Peter Thum of New York sued Jessica Mindich of Greenwich and her company, Jewelry for a Cause.
Thum implemented a program of buying AK-47 assault rifles from governments in Africa, repurposing them as jewelry and using a portion of the sales revenue to buy more illegal weapons, according to the lawsuit. Each piece of jewelry bears the serial number of the weapon used to make it.
He said he confidentially disclosed his concept and business structure in detail with Mindich at a conference.
Mindich implemented the idea in connection with a gun buyback in Newark, N.J., according to the lawsuit. It says she launched what she called "The Caliber Collection" leading to a proposal to sell bracelets repurposed from weapons in conjunction with MTV that will be promoted at the MTV movie awards this weekend.
"In other words, after having conducted a media tour in the wake of the shootings at Sandy Hook, Mindich secured a national stage for her company to profit through The Caliber Collection, a venture that is premised upon the lie that she, as opposed to Thum, was the first to implement a program of repurposing illegal firearms as jewelry," the lawsuit stated.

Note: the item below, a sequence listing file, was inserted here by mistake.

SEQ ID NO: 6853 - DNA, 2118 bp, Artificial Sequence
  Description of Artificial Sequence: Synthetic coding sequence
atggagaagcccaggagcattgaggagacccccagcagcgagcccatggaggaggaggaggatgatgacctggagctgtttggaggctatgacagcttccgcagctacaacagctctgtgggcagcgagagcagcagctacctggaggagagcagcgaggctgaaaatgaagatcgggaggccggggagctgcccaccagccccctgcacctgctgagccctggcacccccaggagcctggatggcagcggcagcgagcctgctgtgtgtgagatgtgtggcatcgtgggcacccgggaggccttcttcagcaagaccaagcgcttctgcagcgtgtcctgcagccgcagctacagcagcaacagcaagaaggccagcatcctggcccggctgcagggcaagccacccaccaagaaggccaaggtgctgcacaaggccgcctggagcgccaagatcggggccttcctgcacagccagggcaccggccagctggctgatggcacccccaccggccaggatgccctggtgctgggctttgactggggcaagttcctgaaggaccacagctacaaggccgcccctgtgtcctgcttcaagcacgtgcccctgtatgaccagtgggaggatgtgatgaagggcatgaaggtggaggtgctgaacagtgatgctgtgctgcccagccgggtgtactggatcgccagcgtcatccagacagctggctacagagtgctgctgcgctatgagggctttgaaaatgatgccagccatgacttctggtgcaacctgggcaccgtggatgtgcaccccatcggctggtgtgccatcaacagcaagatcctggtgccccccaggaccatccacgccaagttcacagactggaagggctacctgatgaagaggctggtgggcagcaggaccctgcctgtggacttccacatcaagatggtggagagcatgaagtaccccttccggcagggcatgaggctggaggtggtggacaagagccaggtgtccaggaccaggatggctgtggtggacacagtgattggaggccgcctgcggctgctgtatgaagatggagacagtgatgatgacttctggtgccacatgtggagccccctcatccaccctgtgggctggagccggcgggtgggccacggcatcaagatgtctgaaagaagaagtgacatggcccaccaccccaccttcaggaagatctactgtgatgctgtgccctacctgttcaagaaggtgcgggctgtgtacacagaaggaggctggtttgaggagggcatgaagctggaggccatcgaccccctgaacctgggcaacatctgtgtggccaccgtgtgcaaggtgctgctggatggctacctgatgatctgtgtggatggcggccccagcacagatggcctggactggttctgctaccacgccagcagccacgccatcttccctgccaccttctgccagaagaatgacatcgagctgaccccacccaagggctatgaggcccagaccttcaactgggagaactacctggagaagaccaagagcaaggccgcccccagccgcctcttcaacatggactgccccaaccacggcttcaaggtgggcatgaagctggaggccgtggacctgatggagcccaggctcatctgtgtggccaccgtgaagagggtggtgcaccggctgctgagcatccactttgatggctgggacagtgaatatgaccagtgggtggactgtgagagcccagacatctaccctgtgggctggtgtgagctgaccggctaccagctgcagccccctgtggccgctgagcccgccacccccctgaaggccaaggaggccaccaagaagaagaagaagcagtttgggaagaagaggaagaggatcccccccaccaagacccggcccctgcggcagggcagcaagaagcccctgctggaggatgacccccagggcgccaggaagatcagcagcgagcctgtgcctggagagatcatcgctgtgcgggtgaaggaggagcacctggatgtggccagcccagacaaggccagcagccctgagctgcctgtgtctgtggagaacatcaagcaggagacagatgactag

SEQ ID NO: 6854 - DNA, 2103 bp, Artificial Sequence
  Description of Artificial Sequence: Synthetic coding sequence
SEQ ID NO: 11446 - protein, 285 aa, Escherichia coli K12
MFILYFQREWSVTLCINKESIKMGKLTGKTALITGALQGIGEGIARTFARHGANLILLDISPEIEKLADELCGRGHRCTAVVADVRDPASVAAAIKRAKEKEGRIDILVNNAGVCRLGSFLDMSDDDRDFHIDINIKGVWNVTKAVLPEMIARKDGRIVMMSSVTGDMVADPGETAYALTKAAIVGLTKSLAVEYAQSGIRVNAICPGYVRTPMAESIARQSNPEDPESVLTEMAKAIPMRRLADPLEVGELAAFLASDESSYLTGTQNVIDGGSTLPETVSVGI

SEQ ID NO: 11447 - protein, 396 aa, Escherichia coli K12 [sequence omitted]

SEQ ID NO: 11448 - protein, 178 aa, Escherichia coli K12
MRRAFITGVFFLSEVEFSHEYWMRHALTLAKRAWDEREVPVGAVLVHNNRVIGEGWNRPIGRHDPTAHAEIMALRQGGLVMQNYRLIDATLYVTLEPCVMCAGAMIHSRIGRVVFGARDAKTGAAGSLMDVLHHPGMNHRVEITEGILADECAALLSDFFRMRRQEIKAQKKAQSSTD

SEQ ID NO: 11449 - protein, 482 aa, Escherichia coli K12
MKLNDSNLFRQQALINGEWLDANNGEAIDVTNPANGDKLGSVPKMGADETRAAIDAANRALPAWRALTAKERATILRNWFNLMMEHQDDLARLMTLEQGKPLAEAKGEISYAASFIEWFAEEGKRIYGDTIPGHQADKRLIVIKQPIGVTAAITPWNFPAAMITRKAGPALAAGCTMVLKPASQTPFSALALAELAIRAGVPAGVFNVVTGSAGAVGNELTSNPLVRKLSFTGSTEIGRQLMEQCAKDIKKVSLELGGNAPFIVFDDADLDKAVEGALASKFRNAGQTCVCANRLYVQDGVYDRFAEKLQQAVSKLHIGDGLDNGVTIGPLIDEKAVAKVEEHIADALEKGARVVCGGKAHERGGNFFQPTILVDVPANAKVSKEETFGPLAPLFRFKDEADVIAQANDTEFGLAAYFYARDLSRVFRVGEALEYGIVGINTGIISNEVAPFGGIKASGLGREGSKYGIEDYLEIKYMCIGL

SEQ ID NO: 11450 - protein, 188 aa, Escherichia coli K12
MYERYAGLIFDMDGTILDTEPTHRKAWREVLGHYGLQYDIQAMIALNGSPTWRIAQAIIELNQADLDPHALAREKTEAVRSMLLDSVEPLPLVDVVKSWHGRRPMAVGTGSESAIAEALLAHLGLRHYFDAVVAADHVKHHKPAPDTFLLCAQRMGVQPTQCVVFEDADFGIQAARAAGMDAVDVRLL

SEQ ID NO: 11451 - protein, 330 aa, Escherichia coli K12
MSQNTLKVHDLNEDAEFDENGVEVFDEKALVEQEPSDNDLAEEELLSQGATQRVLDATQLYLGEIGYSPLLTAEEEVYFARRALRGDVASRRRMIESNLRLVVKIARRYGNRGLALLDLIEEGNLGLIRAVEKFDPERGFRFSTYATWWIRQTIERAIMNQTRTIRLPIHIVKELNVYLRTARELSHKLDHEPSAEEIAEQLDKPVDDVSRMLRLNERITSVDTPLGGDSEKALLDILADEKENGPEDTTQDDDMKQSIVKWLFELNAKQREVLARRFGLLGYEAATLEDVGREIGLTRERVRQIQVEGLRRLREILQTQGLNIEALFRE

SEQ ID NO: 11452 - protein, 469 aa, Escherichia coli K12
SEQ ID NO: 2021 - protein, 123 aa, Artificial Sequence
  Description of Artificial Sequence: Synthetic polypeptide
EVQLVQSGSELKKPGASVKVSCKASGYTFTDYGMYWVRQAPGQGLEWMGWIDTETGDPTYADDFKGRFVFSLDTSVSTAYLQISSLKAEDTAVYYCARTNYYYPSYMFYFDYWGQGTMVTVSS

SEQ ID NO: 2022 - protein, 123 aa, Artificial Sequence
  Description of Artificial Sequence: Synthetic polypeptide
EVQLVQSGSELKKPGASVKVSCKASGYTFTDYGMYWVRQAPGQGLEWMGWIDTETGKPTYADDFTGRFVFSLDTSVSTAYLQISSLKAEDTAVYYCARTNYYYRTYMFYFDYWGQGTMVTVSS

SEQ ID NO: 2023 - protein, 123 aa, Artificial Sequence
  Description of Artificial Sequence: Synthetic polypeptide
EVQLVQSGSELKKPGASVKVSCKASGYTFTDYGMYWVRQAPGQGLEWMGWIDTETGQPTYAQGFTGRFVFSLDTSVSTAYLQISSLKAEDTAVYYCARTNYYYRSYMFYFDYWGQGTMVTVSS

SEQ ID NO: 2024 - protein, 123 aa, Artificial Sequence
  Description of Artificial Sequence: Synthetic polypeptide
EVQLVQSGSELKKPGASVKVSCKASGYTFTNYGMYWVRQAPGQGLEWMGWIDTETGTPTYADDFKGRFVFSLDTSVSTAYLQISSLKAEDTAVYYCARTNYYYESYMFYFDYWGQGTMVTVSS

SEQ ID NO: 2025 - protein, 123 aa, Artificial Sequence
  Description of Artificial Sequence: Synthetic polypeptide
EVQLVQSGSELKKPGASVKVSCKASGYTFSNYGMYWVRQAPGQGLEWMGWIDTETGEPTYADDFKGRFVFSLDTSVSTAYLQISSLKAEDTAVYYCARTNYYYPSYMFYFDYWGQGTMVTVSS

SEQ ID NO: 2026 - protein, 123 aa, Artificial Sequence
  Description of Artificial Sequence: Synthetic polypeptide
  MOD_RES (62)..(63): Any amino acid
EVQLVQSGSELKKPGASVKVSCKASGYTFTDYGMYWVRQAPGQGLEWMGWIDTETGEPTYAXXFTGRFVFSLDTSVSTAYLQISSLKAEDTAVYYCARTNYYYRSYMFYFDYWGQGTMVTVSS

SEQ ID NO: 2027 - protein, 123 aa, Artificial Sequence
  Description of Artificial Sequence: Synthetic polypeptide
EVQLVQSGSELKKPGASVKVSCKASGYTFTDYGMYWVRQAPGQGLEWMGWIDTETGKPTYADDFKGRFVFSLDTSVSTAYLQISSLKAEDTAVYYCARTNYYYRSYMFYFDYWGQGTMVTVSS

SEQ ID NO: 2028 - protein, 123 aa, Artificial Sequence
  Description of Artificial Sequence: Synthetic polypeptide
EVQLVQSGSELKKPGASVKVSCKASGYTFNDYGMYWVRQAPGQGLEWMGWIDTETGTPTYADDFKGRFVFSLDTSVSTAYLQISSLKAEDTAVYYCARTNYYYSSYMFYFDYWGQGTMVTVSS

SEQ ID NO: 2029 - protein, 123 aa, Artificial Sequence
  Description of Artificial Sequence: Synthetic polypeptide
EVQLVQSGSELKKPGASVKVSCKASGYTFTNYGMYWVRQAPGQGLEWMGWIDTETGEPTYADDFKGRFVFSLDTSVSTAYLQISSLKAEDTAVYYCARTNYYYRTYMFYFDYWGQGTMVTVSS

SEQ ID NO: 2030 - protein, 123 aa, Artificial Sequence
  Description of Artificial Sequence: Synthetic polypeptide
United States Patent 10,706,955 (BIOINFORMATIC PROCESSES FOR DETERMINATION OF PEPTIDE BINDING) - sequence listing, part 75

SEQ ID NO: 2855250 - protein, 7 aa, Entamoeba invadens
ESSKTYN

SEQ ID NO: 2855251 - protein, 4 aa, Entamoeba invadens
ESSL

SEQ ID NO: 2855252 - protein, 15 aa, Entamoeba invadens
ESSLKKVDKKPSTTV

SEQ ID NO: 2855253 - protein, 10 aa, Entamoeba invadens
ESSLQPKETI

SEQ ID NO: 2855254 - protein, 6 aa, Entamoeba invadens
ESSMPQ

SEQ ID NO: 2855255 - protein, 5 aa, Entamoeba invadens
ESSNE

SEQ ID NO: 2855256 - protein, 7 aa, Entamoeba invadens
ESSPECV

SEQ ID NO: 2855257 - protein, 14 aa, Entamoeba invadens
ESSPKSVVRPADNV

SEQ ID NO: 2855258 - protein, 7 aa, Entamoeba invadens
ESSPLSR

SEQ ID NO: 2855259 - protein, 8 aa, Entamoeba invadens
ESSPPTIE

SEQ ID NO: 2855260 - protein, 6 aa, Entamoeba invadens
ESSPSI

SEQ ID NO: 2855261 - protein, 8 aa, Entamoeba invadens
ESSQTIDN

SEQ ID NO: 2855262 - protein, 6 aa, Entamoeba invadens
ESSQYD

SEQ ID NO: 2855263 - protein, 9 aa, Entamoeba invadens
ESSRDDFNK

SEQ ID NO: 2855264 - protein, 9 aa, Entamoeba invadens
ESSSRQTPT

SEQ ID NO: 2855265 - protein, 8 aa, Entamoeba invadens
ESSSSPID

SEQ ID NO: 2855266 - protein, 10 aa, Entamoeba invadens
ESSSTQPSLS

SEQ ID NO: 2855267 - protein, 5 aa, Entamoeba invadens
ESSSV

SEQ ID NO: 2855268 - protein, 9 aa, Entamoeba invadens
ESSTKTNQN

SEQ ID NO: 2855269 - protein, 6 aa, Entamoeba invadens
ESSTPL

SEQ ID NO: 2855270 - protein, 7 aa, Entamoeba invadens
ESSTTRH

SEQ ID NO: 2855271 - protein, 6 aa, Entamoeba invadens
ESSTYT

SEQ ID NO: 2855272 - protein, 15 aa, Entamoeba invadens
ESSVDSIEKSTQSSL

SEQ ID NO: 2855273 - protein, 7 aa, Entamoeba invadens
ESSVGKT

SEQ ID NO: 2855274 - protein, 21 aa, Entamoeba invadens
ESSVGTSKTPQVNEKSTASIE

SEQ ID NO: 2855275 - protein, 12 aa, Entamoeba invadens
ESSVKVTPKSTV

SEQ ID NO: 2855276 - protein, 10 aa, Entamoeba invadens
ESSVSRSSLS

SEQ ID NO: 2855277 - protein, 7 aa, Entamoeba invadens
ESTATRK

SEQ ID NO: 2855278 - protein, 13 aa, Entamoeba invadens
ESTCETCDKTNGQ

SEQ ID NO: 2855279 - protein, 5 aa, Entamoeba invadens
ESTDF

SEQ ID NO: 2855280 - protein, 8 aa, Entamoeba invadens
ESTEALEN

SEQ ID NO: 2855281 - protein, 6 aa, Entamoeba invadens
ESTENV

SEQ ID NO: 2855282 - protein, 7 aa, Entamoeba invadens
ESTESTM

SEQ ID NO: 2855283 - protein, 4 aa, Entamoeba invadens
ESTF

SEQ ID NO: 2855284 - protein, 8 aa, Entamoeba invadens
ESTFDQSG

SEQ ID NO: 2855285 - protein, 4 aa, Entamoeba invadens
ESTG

Mindich's attorney declined to comment, saying he hadn't seen the lawsuit.
In the charity world, success is tied to being the first to implement a program designed to solve a social problem, the lawsuit says.
"It is crucial that one be the first," said Judd Burstein, Thum's attorney. "That's who people want to work with, the person who had the idea, the person who came up with the concept. And that's what she's stolen from him."
Mindich admitted in writing that the idea to repurpose illegal firearms as jewelry originated with Thum, according to the lawsuit, which cites an email she wrote saying the seed of the project originated with Thum. Mindich promised to abandon the project, but later launched the Caliber Collection, according to the lawsuit, which does not name MTV as a defendant.
Thum says he'll donate any damages awarded in the case to charities working to reduce gun violence.